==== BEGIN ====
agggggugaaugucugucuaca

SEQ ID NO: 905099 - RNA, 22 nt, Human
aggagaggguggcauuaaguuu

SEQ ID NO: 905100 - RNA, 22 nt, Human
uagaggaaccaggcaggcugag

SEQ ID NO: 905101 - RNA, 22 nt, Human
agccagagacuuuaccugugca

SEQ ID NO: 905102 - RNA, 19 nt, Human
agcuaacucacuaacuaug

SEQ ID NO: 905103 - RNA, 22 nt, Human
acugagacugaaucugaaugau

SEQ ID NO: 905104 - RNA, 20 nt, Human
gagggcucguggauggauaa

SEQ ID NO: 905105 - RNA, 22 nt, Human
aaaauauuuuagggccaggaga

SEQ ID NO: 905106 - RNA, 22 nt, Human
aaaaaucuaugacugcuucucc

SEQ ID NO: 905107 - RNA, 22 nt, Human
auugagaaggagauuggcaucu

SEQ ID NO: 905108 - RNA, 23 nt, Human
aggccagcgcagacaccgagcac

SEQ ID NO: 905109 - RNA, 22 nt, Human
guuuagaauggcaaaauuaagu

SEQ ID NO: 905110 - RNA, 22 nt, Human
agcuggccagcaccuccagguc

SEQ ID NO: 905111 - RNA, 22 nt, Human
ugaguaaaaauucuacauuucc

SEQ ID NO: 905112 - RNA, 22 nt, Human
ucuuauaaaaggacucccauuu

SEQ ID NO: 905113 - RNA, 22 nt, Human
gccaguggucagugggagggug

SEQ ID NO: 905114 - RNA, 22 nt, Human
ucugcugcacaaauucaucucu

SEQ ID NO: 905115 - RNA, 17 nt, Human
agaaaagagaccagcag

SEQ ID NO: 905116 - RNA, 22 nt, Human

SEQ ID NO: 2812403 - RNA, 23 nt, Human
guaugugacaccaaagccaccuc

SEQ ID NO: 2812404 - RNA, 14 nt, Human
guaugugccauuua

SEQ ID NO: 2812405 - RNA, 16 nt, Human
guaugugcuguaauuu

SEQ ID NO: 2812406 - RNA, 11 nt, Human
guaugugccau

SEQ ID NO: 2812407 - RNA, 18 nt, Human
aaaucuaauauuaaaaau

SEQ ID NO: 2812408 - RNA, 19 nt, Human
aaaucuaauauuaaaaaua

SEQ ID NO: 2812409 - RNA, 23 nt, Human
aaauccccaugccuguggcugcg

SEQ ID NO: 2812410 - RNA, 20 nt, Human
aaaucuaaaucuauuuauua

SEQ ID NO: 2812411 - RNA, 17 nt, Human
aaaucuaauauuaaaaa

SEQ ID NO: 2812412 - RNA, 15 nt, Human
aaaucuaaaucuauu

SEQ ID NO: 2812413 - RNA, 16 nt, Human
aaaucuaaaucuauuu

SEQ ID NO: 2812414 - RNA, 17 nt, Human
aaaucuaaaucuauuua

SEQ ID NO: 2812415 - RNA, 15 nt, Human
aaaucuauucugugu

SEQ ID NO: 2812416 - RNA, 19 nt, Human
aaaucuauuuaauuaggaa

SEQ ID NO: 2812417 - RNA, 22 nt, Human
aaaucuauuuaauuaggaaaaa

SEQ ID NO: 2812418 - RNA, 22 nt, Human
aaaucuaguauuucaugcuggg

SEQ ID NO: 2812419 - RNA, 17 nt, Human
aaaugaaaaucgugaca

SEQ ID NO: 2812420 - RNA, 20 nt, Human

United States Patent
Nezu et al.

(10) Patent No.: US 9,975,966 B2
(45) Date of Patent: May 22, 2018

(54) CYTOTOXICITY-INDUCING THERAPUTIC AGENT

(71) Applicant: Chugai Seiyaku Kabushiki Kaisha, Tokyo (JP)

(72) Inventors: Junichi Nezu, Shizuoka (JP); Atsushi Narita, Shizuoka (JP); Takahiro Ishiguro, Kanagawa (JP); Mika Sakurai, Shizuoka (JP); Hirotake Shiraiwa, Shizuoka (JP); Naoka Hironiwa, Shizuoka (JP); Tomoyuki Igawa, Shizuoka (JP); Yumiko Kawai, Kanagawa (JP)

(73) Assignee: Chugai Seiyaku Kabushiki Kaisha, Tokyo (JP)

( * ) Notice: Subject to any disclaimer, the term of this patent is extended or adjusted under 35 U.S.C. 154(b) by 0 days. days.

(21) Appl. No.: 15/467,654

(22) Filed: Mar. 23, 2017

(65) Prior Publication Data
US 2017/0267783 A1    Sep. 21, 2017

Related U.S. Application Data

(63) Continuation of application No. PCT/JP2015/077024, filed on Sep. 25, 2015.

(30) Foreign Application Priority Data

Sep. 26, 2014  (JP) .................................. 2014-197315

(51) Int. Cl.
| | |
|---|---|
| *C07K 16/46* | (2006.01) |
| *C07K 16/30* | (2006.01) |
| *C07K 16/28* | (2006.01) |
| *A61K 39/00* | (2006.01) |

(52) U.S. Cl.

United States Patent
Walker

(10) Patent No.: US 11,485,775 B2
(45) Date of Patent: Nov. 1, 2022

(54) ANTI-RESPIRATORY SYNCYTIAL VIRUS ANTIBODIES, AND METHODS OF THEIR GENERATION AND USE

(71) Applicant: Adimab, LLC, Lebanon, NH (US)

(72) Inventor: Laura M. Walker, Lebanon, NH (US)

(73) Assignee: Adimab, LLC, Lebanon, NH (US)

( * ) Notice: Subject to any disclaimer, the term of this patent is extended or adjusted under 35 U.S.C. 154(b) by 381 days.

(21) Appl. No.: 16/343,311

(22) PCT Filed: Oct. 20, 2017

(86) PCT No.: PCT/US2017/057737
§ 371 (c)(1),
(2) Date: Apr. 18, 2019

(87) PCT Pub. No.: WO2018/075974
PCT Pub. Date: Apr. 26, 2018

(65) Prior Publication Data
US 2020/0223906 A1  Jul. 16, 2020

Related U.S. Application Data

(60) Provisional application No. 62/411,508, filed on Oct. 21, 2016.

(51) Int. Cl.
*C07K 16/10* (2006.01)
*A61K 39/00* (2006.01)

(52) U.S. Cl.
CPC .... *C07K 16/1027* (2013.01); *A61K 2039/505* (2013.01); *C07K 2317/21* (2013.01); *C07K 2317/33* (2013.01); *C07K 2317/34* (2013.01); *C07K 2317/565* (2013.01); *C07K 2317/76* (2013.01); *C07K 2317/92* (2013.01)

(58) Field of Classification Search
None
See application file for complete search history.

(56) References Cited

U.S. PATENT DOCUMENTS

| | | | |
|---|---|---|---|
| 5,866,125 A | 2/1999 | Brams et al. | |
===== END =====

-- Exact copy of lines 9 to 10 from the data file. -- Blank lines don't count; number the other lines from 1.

agcuaacucacuaacuaug

SEQ ID NO: 905103 - RNA, 22 nt, Human